global warming favours light-coloured insects
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DESCRIPTIONCambio en la Coloración de los insectos presentes en el norte de Europa, en acuerdo con el calentamiento global
Received 14 May 2013 | Accepted 14 Apr 2014 | Published 27 May 2014
Global warming favours light-coloured insectsin EuropeDirk Zeuss1, Roland Brandl1, Martin Brandle1, Carsten Rahbek2,3 & Stefan Brunzel1
Associations between biological traits of animals and climate are well documented by
physiological and local-scale studies. However, whether an ecophysiological phenomenon can
affect large-scale biogeographical patterns of insects is largely unknown. Insects absorb
energy from the sun to become mobile, and their colouration varies depending on the
prevailing climate where they live. Here we show, using data of 473 European buttery and
dragony species, that dark-coloured insect species are favoured in cooler climates and
light-coloured species in warmer climates. By comparing distribution maps of dragonies
from 1988 and 2006, we provide support for a mechanistic link between climate, functional
traits and species that affects geographical distributions even at continental scales. Our
results constitute a foundation for better forecasting the effect of climate change on many
DOI: 10.1038/ncomms4874 OPEN
1 Department of EcologyAnimal Ecology, Faculty of Biology, Philipps-Universitat Marburg, Karl-von-Frisch-Strasse 8, DE-35043 Marburg, Germany.2 Center for Macroecology, Climate and Evolution, the Natural History Museum of Denmark, Universitetsparken 15, DK-2100 Copenhagen, Denmark.3 Imperial College London, Silwood Park Campus, Ascot, Berkshire SL5 7PY, UK. Correspondence and requests for materials should be addressed to D.Z.(email: firstname.lastname@example.org).
NATURE COMMUNICATIONS | 5:3874 | DOI: 10.1038/ncomms4874 |www.nature.com/naturecommunications 1
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During the last decades, considerable interest has arisen inpredicting the distribution of species, assemblages ofspecies and characteristics of assemblages under various
scenarios of climate change14. Most of these predictions,however, are based on phenomenological models5 and providelittle mechanistic understanding of the underlying processes6.A rst step towards understanding the impact of climate changeis to consider traits of species that underpin the relationshipbetween species and climate7. This approach has been verysuccessful for plants. For instance, leaf size as well as leaf shapehave been used to reconstruct temperature and precipitation ofpaleoclimates8. However, the relationships between traits ofanimals and climate are more difcult to identify. One traitthebody size of endothermsmay be related to climate. Bergmannsrule predicts a decrease in their body size within species andacross closely related species with increasing temperature9,10.In line with this ecogeographic rule, a recent study found thatthe body size of some mammals decreases with increasingtemperature11. Although many physiological and local-scalestudies on insects have demonstrated associations between traitsand climate, to what extent such mechanistic links may impactdistribution patterns of insect species at a biogeographical scaleremains largely unknown (but see ref. 12).In ectotherms, the appearance of the body surface and in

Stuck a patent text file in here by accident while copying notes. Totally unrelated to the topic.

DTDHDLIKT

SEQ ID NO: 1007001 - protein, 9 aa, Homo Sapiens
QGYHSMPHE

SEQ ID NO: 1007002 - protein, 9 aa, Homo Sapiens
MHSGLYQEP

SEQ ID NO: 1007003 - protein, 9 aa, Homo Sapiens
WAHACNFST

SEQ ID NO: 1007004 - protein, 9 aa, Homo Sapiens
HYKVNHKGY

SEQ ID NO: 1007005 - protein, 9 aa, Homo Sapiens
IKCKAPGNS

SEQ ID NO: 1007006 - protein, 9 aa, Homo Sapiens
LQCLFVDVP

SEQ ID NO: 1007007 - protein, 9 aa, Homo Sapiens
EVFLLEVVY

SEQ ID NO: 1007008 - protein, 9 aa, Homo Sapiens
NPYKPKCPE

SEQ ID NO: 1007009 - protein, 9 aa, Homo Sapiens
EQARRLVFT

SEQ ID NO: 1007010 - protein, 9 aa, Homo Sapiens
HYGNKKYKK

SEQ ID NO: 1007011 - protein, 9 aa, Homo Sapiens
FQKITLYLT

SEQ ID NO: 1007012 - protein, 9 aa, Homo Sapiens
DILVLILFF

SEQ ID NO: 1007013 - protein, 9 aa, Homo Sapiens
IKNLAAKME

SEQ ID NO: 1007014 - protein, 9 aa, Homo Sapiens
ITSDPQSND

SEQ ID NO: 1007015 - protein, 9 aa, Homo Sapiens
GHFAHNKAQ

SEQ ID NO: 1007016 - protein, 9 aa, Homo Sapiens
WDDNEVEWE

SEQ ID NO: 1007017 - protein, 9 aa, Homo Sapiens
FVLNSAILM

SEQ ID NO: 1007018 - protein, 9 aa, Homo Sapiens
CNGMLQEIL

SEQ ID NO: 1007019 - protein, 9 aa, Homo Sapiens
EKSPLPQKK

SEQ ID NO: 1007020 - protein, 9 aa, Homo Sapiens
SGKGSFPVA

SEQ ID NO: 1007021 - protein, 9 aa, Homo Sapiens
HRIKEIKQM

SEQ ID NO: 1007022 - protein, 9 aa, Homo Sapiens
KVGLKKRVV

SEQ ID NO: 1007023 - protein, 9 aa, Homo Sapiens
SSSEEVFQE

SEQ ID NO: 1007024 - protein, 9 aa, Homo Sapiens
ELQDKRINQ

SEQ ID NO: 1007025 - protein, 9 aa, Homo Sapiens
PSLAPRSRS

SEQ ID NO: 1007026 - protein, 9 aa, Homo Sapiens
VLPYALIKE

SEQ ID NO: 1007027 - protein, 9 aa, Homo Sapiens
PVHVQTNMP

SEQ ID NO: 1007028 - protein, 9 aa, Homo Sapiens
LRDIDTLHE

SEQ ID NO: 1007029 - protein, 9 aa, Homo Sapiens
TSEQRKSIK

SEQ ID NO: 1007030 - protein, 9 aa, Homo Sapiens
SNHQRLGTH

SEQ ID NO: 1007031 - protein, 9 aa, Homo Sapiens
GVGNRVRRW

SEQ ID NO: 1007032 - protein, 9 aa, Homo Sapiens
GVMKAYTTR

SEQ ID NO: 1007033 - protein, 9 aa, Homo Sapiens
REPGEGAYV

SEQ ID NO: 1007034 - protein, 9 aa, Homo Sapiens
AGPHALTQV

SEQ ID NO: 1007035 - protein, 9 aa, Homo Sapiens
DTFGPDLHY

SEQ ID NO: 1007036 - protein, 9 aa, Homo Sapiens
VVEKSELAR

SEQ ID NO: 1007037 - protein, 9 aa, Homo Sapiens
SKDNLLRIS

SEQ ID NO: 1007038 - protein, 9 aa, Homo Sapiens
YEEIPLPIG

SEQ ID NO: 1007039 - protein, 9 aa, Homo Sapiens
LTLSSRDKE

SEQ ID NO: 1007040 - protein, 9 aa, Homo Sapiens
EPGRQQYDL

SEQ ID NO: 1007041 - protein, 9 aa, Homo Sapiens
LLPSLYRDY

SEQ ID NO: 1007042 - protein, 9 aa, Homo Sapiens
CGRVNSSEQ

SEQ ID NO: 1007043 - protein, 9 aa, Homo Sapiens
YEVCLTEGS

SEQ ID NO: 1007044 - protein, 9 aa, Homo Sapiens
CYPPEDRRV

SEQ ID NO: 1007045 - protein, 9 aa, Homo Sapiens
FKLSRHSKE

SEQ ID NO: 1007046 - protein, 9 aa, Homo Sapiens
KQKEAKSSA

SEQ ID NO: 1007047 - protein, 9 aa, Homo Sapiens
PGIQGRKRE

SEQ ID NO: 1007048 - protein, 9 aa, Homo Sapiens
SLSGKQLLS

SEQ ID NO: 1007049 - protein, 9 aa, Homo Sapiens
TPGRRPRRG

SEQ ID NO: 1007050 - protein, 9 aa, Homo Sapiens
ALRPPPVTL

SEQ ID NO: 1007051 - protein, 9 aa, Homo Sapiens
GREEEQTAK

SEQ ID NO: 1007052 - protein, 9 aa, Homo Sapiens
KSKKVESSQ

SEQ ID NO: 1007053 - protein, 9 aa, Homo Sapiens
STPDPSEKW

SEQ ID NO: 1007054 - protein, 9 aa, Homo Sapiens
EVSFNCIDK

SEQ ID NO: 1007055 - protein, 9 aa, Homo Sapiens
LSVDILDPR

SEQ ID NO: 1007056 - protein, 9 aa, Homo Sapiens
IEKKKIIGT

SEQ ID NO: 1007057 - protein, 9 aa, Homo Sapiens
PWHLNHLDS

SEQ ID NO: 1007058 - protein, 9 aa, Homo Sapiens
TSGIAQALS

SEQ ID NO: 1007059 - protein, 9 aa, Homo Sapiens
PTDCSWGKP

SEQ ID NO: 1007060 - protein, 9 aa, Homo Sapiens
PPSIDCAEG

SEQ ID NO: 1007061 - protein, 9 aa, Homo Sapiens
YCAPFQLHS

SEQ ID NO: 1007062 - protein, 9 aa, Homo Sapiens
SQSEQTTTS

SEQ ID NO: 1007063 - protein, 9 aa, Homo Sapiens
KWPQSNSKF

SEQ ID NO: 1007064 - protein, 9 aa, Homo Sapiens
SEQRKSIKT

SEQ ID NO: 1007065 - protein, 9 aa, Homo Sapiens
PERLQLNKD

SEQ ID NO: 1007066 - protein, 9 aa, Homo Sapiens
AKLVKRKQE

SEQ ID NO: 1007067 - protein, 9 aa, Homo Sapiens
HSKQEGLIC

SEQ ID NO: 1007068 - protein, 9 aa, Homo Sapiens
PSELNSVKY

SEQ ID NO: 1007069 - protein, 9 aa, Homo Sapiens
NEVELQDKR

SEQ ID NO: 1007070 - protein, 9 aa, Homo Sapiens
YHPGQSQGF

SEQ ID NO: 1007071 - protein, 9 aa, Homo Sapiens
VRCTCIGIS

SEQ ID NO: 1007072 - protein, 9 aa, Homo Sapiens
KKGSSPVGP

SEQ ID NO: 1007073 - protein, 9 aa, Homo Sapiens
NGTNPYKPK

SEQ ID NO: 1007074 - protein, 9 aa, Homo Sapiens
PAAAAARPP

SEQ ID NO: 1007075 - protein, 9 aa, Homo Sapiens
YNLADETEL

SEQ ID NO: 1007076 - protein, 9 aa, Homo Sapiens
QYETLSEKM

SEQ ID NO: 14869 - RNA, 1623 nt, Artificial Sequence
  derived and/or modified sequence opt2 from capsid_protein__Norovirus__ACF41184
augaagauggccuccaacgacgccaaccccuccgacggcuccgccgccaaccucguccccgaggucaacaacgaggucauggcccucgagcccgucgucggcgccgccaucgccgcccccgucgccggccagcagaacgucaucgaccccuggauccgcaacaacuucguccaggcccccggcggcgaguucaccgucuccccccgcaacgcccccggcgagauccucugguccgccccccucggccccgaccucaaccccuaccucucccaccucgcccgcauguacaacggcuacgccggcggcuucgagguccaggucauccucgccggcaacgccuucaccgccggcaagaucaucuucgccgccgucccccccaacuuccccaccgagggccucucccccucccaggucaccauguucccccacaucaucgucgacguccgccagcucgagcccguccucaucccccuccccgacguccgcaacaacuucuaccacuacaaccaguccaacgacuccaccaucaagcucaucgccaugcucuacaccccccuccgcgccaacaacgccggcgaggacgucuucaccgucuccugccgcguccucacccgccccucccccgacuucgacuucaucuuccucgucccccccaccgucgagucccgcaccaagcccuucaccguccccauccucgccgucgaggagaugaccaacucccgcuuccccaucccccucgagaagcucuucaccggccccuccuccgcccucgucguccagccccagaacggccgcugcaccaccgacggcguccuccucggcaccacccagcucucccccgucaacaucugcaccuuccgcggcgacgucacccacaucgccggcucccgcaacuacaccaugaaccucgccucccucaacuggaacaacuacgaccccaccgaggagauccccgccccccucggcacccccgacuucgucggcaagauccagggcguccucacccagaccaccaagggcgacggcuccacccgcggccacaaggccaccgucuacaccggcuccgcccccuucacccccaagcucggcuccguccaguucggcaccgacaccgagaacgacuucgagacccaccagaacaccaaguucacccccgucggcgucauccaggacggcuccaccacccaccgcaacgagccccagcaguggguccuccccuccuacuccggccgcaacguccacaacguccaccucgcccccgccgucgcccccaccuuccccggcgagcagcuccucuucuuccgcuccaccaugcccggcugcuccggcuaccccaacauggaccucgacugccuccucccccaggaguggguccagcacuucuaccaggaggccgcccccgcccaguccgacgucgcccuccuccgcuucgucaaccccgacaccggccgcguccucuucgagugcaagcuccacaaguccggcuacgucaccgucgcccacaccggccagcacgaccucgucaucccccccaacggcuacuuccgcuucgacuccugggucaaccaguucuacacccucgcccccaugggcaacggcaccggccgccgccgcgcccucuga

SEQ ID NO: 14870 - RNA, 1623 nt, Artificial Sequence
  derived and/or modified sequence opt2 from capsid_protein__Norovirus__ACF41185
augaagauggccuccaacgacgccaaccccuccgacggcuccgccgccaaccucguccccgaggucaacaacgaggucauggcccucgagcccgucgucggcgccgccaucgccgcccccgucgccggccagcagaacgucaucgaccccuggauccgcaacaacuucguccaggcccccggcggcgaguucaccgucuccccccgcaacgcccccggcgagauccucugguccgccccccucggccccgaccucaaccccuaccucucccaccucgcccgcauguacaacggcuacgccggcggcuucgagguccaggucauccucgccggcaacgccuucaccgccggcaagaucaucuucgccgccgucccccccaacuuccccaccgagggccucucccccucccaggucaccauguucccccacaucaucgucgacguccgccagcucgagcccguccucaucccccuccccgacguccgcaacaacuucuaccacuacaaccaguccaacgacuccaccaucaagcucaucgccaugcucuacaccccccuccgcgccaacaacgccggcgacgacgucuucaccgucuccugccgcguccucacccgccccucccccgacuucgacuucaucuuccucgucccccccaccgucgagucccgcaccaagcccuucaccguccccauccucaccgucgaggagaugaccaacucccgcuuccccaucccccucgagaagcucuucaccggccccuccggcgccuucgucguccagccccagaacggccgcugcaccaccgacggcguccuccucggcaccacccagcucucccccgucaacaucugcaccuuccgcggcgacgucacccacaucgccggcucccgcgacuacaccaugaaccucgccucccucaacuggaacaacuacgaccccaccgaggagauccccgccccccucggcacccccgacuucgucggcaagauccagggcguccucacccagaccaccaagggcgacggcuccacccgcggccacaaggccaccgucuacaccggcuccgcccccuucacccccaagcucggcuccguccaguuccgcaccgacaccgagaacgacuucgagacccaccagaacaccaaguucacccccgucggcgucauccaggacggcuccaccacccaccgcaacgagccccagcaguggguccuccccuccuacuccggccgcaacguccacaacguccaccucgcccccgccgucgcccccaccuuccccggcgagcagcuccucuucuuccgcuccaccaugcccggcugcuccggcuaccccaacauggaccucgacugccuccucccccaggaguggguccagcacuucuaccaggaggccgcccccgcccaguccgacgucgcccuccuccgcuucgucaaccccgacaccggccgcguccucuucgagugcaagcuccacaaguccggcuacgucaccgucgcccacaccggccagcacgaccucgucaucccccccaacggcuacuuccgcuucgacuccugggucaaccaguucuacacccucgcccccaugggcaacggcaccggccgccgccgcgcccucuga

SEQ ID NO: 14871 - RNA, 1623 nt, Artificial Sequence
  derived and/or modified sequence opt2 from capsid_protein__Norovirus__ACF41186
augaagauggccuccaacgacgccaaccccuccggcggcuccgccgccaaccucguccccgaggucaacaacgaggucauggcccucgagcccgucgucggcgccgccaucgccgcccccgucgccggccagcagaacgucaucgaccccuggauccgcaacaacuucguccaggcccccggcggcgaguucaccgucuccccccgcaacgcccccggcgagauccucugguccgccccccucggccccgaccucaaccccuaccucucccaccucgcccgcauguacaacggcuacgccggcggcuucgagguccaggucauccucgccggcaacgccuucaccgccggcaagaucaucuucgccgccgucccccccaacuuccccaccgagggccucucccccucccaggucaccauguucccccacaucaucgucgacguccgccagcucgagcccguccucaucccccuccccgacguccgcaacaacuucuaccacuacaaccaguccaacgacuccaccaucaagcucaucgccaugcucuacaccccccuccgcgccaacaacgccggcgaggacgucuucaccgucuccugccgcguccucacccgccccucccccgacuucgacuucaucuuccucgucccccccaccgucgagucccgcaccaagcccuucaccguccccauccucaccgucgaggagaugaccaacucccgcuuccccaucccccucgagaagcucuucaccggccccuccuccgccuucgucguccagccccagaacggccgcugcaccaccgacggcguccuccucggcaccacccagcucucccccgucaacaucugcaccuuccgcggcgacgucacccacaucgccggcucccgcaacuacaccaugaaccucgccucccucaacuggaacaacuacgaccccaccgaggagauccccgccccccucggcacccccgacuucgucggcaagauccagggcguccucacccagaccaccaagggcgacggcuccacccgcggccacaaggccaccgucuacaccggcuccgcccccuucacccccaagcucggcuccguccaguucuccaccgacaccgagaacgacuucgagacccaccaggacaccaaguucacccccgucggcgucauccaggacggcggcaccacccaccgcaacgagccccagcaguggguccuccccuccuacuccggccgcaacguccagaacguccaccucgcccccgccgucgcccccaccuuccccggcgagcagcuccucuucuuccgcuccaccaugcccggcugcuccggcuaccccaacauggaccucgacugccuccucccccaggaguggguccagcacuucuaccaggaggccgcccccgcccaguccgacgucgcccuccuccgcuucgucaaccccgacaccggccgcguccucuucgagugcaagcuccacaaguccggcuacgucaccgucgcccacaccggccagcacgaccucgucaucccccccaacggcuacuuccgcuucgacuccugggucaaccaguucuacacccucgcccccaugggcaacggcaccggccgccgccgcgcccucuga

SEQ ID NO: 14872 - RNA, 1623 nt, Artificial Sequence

particular its colour value are involved in thermoregulation13.Dark-coloured ectotherms are able to increase their bodytemperatures above ambient air temperature more effectivelythan light-coloured ectotherms, and therefore have an advantagein cool climates (thermal melanism hypothesis14,15). Mostinsectsby far the most species-rich lineage of ectotherms16need to reach body temperatures above ambient temperature forying, foraging or mating17. However, being dark is onlyadvantageous in cool climates. In areas with high temperaturesand insolation, insects need to protect themselves againstoverheating18. At high temperatures, ectothermic species withlight colouration can be active for a longer period than specieswith dark colouration, and may be able to use a broader thermalrange of habitats. Overall, heat avoidance and heat gainconstraints lead to the prediction that insect assemblagesshould be dominated by dark-coloured species in cool climatesand by light-coloured species in warm climates. The rst hint thatthis holds even at a biogeographical scale was provided byRapoport19 almost 50 years ago, when he used a rough estimateof springtail colour value to show a positive correlation of thepercentage of dark-coloured species in species assemblages withlatitude and altitude.In this study, we combine recent digital image analysis and
phylogenetic statistics to demonstrate that colour lightness ofinsects is consistently correlated to the thermal environmentacross Europe. We furthermore show that assemblages ofdragonies became on average lighter-coloured during the lastcentury, which we attribute to global warming.